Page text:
AbstractBorderline Personality Disorder (BPD) has a long history as a controversial psychiatric diagnosis. It is frequently criticised by feminist scholars for its gendered nature and for reinforcing an endemic tendency to deny or obscure the social causes of distress. The failure of the psychiatric profession to respond to the frequent traumatic antecedents of BPD, combined with the extent to which the diagnostic label implicitly frames the source of the ‘disorder’ as being situated within an individual’s own personality functioning has resulted in a widespread perception that individuals with BPD are ‘untreatable’. It is therefore a highly stigmatised diagnosis that can have significant implications for treatment, understandings of recovery and identity. This research draws upon feminist, critical realist, contextualist and narrative theoretical and methodological approaches to explore the personal meaning of diagnosis to women with a BPD diagnosis in the context of their life histories and wider societal attitudes towards women and mental health. It examines the ways in which these factors influence their understandings of self and identity and the function, purpose and meanings associated with the creative coping strategies that women with a BPD diagnosis use to negotiate distress. It also explores the systems and structures that are helpful and (unhelpful) in fostering concepts of recovery and supporting individuals to (re)build a sense of identity within or outside of the framework of diagnosis.
The research was carried out in two stages. Stage one involved a qualitative secondary analysis of eight interviews conducted with women with a BPD diagnosis as part of a research project examining experiences of being detained under Section 136 of the Mental Health Act. Building upon the themes identified in stage one, the second stage of the research explored experiences and attitudes towards diagnosis and treatment, conceptions of identity and the experience and meaning of creativity to four women with a BPD diagnosis who self-identified as having an involvement in artmaking or other creative activities. This was done using a collaborative approach that offered participants the flexibility to share their stories in the way that best suited them. All participants chose to take part in one or two face-to-face interviews, with the majority sharing examples of their creative outputs during or after the interview to illustrate the feelings and concepts discussed. The data were analysed using an approach to thematic narrative analysis that was sensitive to the feminist idea of ‘voice’ and the inter subjective experience of the research process. Visual data are included in the thesis where appropriate to illustrate themes.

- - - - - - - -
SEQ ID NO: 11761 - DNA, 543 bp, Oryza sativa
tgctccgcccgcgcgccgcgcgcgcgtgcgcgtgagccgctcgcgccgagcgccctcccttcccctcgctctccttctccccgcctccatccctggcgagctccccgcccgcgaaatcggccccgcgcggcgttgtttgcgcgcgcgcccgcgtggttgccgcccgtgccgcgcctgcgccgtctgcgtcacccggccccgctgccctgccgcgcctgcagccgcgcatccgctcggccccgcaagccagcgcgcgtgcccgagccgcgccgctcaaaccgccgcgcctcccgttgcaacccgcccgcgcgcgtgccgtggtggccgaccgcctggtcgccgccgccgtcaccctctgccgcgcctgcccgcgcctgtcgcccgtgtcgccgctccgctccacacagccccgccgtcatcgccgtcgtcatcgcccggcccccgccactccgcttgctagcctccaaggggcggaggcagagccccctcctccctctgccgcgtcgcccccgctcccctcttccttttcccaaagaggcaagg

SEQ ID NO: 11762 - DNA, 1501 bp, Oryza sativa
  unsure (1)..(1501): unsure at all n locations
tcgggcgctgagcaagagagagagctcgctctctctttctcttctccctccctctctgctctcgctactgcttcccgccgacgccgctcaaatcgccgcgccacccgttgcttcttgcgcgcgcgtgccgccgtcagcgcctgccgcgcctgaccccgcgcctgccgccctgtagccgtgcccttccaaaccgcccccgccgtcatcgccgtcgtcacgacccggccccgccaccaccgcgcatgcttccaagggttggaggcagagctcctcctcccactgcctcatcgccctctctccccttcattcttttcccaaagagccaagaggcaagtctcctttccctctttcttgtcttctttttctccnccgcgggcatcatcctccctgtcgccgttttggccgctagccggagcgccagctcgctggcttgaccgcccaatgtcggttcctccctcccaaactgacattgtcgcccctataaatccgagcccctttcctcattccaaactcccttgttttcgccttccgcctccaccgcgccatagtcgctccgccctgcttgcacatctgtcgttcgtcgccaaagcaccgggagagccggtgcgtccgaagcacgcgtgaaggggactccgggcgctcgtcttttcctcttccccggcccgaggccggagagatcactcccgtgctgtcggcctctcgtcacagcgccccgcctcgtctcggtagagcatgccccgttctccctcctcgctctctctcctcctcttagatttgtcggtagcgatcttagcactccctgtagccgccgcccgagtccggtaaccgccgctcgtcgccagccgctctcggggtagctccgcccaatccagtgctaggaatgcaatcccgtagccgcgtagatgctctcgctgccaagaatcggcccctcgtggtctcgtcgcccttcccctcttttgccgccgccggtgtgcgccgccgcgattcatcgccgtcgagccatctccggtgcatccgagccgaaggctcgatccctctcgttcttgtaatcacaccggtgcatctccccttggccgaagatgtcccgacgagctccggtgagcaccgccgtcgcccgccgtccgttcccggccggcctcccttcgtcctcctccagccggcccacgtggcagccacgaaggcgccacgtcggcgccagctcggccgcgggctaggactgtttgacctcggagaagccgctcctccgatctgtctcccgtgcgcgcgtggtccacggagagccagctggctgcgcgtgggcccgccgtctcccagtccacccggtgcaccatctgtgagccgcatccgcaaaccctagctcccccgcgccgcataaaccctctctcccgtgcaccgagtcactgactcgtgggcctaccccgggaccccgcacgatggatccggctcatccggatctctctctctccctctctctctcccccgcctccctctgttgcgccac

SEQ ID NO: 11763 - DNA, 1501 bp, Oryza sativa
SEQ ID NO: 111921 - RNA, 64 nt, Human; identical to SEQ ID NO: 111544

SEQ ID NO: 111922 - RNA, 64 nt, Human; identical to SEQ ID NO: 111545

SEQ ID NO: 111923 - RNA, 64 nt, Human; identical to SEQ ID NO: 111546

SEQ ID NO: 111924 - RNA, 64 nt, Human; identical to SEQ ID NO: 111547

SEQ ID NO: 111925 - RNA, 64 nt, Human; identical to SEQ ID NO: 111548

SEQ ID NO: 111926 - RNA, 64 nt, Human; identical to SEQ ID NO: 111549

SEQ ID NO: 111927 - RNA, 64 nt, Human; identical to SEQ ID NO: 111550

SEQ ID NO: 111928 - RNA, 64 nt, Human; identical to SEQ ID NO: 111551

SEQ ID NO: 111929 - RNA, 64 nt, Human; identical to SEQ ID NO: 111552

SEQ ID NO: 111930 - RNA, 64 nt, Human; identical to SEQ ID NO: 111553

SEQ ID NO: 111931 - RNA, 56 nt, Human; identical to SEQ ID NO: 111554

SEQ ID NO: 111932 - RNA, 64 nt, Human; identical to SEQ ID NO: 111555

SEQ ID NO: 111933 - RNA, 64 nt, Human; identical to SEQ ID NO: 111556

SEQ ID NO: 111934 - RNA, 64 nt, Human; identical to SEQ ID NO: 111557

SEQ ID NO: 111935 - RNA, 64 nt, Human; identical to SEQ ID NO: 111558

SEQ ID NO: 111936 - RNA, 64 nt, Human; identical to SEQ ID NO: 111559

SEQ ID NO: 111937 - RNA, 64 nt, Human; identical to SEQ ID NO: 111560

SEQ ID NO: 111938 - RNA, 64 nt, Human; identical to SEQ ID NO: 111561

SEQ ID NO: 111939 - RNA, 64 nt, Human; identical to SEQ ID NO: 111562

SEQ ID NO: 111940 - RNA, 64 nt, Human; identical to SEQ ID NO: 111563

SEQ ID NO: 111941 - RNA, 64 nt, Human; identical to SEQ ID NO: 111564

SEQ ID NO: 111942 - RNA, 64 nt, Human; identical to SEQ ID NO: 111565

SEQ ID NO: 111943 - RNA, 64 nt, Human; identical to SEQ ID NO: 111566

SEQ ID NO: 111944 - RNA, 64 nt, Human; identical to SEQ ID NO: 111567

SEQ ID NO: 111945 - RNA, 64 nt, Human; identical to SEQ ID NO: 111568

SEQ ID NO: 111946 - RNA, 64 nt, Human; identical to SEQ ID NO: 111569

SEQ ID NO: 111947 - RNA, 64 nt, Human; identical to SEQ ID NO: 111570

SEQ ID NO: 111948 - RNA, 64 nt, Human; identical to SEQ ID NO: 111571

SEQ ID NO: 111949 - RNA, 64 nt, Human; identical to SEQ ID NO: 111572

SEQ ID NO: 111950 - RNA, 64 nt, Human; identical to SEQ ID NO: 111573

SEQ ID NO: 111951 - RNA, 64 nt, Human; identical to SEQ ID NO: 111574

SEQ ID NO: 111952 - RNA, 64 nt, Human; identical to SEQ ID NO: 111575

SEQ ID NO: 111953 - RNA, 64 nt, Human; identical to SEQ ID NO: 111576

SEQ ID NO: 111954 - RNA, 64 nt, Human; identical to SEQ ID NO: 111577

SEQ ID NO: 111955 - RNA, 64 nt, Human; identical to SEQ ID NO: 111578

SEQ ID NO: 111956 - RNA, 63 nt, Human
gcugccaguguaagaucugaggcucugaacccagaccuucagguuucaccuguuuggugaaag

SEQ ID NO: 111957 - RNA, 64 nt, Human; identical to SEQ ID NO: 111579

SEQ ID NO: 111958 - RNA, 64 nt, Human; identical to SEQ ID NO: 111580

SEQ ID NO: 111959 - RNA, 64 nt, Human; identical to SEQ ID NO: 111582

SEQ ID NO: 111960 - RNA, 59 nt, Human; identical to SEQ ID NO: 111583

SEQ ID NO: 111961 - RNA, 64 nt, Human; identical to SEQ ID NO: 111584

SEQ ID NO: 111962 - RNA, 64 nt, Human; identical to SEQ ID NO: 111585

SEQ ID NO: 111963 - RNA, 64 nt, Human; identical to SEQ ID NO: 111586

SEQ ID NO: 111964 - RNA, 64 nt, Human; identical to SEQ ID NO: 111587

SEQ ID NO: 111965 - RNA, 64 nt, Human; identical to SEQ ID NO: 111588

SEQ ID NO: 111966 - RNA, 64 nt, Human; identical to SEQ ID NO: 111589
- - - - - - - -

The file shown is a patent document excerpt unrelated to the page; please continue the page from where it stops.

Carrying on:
The findings reveal a strong theme of invalidation that pervades participants’ accounts of their early childhood experiences and is often perpetuated in adolescence and adulthood by stigmatising attitudes towards their experiences of distress and the diagnostic label of BPD. Experiences of invalidation and complex histories of trauma occupy a privileged position in participants’ narratives and have a profound effect on how they form and maintain their identities in the context of diagnosis. Receiving a diagnosis of BPD can intensify or exacerbate an already unstable or uncertain sense of self and being given a diagnosis frequently results in a denial of access to treatment or referrals to services which further compounds experiences of trauma or invalidation. The study finds support for an alternative perspective which challenges psychiatric positivism, acknowledges the experiential reality of events and emphasises the meaning attributed to these events, rather than focusing merely on what is considered wrong or ‘disordered’ in an individual’s behaviour. It argues that this is best reflected in the work of Johnstone & Boyle (2018), who developed the Power Threat Meaning Framework as an alternative way of conceptualising mental distress and distressing behaviours as adaptive responses to childhood trauma in order to maintain personal survival.
The research finds that progress towards self-defined concepts of recovery amongst women with a BPD diagnosis appears to be realised through the combination of a supportive and appropriate therapeutic environment and an individual exploration of creative ways of expressing and understanding identity and emotional distress. The findings show that, both in a therapeutic and everyday setting, creative activities can be a powerful way of alleviating distress and renegotiating identity by providing a platform for women with a BPD diagnosis to render different aspects of their identity visible, thus enabling them to build a more coherent and holistic sense of themselves. The thesis provides practical recommendations for services supporting women with a BPD diagnosis that focus on the need to provide a validating and empowering space to explore and identify not only the individual experiences that have contributed to their distress, but, crucially, the response and meaning associated with them and how they have shaped their sense of selves.
|Date of Award
|Helen Johnson (Supervisor), Rebecca Grist (Supervisor) & Hannah Thurston (Supervisor)